This set of 10 letter-size posters describes the work of 9 Quakers (members of the Religious Society of Friends) active in various domains of peacemaking. Featured peacemakers include Lewis Fry Richardson, Adam Curle, Bayard Rustin, Elise Boulding, Kenneth Boulding, Priscilla Prutzman, Jennifer Beer, Bill Kreidler and George Lakey. Also featured is the Alternatives to Violence Project (AVP), a Quaker-founded program working in prisons and community settings. Each poster includes a quote, a stylized picture and biographical background information on the featured person or project.
Youth leaders and adult facilitators can use the Drama for Conflict Transformation Toolkit to create a customized training agenda based on their needs, timetable, and cultural context.
Across Kyrgyzstan, youth participants in the Youth Theater for Peace (YTP) program are using the Drama for Conflict Transformation methodology introduced in the toolkit to create community conversation about conflict issues. Since 2010, participants have collaborated with more than 50,000 audience members to talk about solutions to bullying in schools, labor migration, bride kidnapping, resource scarcity, and substance abuse.
The Speak Truth To Power curriculum (296 page PDF) introduces general human rights issues through the stories of some remarkable people working in the field, and urges students to become personally involved in the protection of human rights. The curriculum is based on a book written by Kerry Kennedy that lead to a dramatic production by Ariel Dorfman (the play script is included in the curriculum). It is illustrated with a series of photographic portraits of human rights defenders by the late Pulitzer Prize-winning photographer Eddie Adams. Various editions of Speak Truth to Power have been produced, with this one drawing input from the Chicago Public Schools and Chicago Teachers Union. Also available are Cambodian, Italian, and South African editions, and an edition developed in New York State.
The focus of the learning activities varies based on the age-group of students you are working with. In pre-kindergarten through grade 3, human rights learning focuses on respect for self, parents, teachers and others. In grades 4â€“6 the focus moves to social responsibility, citizenship, and distinguishing wants and needs from rights. For grades 7 and 8, the focus shifts to introducing and enhancing specific human rights. At the high school level, grades 9â€“12, the focus expands to include human rights as universal standards, integration of human rights into personal awareness, and behavior.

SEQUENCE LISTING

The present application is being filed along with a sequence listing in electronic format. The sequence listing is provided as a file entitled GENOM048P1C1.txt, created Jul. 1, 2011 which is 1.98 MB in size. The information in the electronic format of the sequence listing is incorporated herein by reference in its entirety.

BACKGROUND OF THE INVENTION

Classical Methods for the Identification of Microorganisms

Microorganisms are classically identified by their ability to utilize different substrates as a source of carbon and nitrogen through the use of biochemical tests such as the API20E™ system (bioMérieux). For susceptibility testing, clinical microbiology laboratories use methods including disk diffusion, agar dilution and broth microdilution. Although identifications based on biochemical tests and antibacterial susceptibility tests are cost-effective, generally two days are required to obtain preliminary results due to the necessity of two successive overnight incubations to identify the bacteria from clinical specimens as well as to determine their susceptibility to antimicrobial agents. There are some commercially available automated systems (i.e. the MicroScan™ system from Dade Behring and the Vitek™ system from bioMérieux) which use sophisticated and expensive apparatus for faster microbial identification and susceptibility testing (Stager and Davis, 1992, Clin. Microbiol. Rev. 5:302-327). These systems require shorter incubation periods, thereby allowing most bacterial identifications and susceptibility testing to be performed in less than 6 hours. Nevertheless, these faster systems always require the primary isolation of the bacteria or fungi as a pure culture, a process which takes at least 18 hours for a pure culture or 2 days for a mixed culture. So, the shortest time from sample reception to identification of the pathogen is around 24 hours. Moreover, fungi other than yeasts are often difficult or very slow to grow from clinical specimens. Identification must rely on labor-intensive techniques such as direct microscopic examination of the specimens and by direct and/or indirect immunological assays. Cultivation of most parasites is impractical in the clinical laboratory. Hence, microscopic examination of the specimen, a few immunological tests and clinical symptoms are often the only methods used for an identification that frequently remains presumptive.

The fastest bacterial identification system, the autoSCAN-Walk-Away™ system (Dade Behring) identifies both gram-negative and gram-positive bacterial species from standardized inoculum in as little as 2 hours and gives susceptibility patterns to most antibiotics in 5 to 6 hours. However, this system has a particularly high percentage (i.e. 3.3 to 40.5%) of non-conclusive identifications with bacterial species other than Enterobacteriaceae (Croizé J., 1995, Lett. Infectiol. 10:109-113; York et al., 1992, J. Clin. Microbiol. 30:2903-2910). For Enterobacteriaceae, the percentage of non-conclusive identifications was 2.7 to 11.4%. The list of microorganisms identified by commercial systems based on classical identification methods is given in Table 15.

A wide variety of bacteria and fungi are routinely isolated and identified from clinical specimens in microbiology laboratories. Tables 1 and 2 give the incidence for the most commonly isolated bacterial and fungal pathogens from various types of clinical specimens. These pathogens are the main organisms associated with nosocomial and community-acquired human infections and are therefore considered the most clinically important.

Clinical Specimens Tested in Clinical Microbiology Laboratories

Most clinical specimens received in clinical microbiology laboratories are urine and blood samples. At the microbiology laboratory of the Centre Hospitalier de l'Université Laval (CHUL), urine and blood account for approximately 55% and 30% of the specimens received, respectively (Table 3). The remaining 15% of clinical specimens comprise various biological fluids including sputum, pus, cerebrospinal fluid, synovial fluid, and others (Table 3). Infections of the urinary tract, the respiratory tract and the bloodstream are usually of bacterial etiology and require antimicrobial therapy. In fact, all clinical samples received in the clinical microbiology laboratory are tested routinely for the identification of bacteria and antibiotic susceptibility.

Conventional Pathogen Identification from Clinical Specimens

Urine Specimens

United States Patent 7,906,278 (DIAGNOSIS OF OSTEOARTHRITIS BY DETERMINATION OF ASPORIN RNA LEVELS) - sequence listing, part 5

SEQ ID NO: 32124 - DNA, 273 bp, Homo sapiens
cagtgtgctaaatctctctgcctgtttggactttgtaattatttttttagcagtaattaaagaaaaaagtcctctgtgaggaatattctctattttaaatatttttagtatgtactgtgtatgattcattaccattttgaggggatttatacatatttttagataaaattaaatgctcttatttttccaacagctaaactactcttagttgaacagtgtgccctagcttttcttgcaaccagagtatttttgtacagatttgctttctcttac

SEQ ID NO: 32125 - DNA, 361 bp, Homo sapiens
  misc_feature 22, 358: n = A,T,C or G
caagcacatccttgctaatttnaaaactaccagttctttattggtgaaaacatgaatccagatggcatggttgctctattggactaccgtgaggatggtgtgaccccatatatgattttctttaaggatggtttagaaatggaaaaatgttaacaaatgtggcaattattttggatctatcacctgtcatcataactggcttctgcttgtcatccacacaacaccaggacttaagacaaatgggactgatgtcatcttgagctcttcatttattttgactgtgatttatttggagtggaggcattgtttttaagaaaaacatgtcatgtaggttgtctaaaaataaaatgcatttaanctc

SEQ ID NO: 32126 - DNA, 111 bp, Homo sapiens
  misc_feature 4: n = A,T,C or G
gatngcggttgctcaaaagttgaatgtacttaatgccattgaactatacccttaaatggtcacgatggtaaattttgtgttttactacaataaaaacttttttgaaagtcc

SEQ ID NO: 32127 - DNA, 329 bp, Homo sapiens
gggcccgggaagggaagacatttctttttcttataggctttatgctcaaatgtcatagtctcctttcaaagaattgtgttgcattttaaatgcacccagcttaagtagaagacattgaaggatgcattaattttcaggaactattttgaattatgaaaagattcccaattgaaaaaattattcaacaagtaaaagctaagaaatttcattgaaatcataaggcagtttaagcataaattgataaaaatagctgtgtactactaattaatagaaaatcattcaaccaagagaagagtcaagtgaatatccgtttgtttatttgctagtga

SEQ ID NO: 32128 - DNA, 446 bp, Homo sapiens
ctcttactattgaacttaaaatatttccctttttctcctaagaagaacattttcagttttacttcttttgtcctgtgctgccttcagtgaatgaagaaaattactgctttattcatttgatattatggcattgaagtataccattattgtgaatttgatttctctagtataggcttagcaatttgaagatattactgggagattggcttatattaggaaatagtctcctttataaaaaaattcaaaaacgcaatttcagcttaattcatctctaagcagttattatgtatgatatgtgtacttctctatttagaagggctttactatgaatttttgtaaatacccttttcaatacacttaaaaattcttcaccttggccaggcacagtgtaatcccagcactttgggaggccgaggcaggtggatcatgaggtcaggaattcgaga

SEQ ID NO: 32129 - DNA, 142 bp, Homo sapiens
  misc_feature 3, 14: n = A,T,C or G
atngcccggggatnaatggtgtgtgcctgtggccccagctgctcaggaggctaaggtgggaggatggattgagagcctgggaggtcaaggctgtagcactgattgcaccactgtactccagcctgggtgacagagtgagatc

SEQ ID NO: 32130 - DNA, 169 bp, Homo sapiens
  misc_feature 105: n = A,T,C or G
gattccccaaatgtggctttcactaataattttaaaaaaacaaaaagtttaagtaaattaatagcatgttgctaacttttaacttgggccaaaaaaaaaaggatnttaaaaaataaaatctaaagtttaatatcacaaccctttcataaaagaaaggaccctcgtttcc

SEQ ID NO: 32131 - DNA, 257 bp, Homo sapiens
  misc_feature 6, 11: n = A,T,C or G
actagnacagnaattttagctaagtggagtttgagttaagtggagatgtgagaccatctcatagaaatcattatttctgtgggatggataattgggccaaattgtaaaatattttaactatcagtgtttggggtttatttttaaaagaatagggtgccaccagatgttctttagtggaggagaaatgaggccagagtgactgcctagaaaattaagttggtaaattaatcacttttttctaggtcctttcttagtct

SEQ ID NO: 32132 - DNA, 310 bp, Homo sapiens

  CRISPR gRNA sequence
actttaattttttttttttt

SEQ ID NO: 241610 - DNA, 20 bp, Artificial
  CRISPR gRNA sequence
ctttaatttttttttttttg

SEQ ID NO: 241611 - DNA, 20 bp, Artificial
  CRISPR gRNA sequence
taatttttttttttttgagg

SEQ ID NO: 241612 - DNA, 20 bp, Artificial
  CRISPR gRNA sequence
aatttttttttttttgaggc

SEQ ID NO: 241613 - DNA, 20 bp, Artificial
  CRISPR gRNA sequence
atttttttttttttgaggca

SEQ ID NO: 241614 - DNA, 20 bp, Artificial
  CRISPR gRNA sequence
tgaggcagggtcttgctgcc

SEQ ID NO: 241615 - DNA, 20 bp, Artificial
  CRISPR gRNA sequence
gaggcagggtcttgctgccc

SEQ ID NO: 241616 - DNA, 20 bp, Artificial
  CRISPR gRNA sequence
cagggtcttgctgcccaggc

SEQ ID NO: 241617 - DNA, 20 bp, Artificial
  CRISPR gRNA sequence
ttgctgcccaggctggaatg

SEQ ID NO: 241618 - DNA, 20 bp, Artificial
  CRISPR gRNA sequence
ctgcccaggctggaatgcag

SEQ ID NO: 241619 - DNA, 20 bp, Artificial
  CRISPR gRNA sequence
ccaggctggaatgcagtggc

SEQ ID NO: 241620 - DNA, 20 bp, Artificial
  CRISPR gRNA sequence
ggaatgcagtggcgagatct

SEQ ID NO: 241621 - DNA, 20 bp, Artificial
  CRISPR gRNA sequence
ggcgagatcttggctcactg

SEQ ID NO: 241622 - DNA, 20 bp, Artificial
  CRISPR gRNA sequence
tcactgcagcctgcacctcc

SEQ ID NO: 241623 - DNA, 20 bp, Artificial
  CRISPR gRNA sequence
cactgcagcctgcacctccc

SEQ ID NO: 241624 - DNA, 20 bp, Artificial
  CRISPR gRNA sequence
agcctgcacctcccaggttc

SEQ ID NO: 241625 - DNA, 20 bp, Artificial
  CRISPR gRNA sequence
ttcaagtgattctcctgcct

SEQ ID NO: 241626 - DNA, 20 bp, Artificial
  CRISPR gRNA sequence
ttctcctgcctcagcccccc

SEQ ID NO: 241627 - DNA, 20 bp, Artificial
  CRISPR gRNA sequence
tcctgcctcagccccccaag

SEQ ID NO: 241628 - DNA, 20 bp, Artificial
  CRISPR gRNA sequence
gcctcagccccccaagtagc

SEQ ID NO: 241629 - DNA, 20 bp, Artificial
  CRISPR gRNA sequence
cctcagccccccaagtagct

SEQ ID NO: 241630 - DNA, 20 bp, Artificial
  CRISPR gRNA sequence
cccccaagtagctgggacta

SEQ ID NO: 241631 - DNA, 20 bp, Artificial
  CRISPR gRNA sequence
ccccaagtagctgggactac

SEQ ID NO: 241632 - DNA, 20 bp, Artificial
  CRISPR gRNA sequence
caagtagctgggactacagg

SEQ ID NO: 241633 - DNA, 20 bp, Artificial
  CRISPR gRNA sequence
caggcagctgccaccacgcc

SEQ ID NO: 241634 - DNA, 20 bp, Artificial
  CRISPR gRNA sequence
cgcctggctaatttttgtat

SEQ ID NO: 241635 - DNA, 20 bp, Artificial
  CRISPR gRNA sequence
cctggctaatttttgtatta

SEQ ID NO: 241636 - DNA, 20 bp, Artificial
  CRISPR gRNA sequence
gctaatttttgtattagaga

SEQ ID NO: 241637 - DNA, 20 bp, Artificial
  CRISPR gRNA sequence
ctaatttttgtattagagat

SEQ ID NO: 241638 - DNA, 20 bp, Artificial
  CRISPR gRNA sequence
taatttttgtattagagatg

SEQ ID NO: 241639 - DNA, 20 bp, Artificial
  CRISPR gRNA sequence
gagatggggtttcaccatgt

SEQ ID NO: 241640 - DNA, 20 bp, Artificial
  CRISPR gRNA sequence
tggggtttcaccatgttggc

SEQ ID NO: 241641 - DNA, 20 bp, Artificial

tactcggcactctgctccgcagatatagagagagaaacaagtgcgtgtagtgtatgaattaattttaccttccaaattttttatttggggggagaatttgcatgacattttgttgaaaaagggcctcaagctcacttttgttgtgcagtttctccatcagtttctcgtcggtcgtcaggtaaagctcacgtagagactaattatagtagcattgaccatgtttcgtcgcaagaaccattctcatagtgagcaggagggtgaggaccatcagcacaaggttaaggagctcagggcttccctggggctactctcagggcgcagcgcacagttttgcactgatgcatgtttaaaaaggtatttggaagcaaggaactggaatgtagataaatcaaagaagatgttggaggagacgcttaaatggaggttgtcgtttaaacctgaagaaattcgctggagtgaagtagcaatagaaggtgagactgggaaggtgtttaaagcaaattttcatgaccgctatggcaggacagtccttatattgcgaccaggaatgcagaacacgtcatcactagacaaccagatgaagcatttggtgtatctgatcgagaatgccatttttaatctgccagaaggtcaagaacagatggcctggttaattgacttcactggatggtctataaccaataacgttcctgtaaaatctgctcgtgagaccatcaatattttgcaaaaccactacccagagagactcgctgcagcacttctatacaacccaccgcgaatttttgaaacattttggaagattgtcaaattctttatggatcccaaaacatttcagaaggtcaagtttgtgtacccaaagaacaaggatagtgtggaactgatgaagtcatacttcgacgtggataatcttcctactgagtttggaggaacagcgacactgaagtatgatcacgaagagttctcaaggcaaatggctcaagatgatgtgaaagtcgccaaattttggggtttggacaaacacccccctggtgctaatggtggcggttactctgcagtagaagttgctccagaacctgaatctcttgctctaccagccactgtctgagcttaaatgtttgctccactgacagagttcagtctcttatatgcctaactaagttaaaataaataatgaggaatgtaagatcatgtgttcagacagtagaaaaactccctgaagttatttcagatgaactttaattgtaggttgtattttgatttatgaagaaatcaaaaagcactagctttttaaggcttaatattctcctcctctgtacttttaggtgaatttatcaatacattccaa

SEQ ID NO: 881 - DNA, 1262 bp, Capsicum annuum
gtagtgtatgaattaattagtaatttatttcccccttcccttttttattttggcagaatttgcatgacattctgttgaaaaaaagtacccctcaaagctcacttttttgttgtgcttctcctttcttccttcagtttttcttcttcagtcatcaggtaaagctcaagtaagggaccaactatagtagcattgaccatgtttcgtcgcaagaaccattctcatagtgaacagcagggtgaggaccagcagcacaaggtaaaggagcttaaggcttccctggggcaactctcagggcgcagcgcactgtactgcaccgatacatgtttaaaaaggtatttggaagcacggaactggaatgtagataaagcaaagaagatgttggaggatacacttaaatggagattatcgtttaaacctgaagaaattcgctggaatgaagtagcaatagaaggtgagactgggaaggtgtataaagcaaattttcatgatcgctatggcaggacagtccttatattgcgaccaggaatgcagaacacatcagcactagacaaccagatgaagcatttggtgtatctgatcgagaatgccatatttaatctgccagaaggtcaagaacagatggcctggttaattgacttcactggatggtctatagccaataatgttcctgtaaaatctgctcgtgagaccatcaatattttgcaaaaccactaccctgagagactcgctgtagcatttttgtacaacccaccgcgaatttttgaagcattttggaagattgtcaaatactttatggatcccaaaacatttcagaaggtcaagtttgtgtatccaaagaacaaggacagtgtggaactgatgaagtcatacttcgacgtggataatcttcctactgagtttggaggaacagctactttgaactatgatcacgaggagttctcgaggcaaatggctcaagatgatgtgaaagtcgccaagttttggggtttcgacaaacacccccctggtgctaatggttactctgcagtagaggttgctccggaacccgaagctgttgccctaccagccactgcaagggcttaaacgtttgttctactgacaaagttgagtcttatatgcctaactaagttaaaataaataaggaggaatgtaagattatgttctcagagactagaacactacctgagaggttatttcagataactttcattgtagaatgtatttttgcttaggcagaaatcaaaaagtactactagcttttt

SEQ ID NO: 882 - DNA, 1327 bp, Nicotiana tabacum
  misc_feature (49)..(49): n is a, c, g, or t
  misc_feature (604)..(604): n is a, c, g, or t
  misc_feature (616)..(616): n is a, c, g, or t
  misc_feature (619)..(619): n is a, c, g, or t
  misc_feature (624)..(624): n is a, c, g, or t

This resource collection includes information and activities for groups of 10 – 12 year olds who are participating in the U.K.-based outdoor education group known as the Woodcraft Folk. The resource includes instructor overviews and associated handouts and reading materials for activities focused on the following themes: Bullying, Conflict Resolution, War Toys, War Detectives, Child Soldiers and Positive About Peace. The Conflict Resolution module alone includes 6 separate activities.
The Woodcraft Folk group describes their goals as follows: “Our aim is to have great fun, but also to try and develop childrenâ€™s self-confidence and build their awareness of society around them. Through our activities, outings and camps we help our members understand important issues like the environment, world debt and global conflict and, in recent years, we have focused on sustainable development. By encouraging children to think, we hope they will help build a peaceful, fairer world.”
Participatory Theatre for Conflict Transformation is a way for artists to apply their creative energy to the cause of lasting peace. This 50-page manual, developed by Search for Common Ground while working in the Democratic Republic of Congo, provides background information on the use of participatory theatre as well as workshop and presentation strategies honed in more than 600 performances in front of more than 500,000 spectators.
This 450-page manuscript reports on the findings of an interdisciplinary and comparative action research project aimed at improving conflict handling among adolescent school children by using the medium of educational drama. Teams worked with youth in Australia, Malaysia and Sweden. In addition to field reports and an extensive theory review, the book includes an appendix with descriptions of all the drama exercises used in DRACON.
A set of art start cards that provide 5 conflict resolution concepts for students to choose as a theme, 10-15 different art project ideas, and 6 different art tips. These cards also include a glossary for what might be unfamiliar art terms and the art supplies helpful in creating art projects.
This resource package includes integrated primary peace education activities and worksheets related to language arts, literature, math, science, social studies, art, music and drama plus ideas for peace themed presentations and multicultural activities. Peace education web sites are also listed.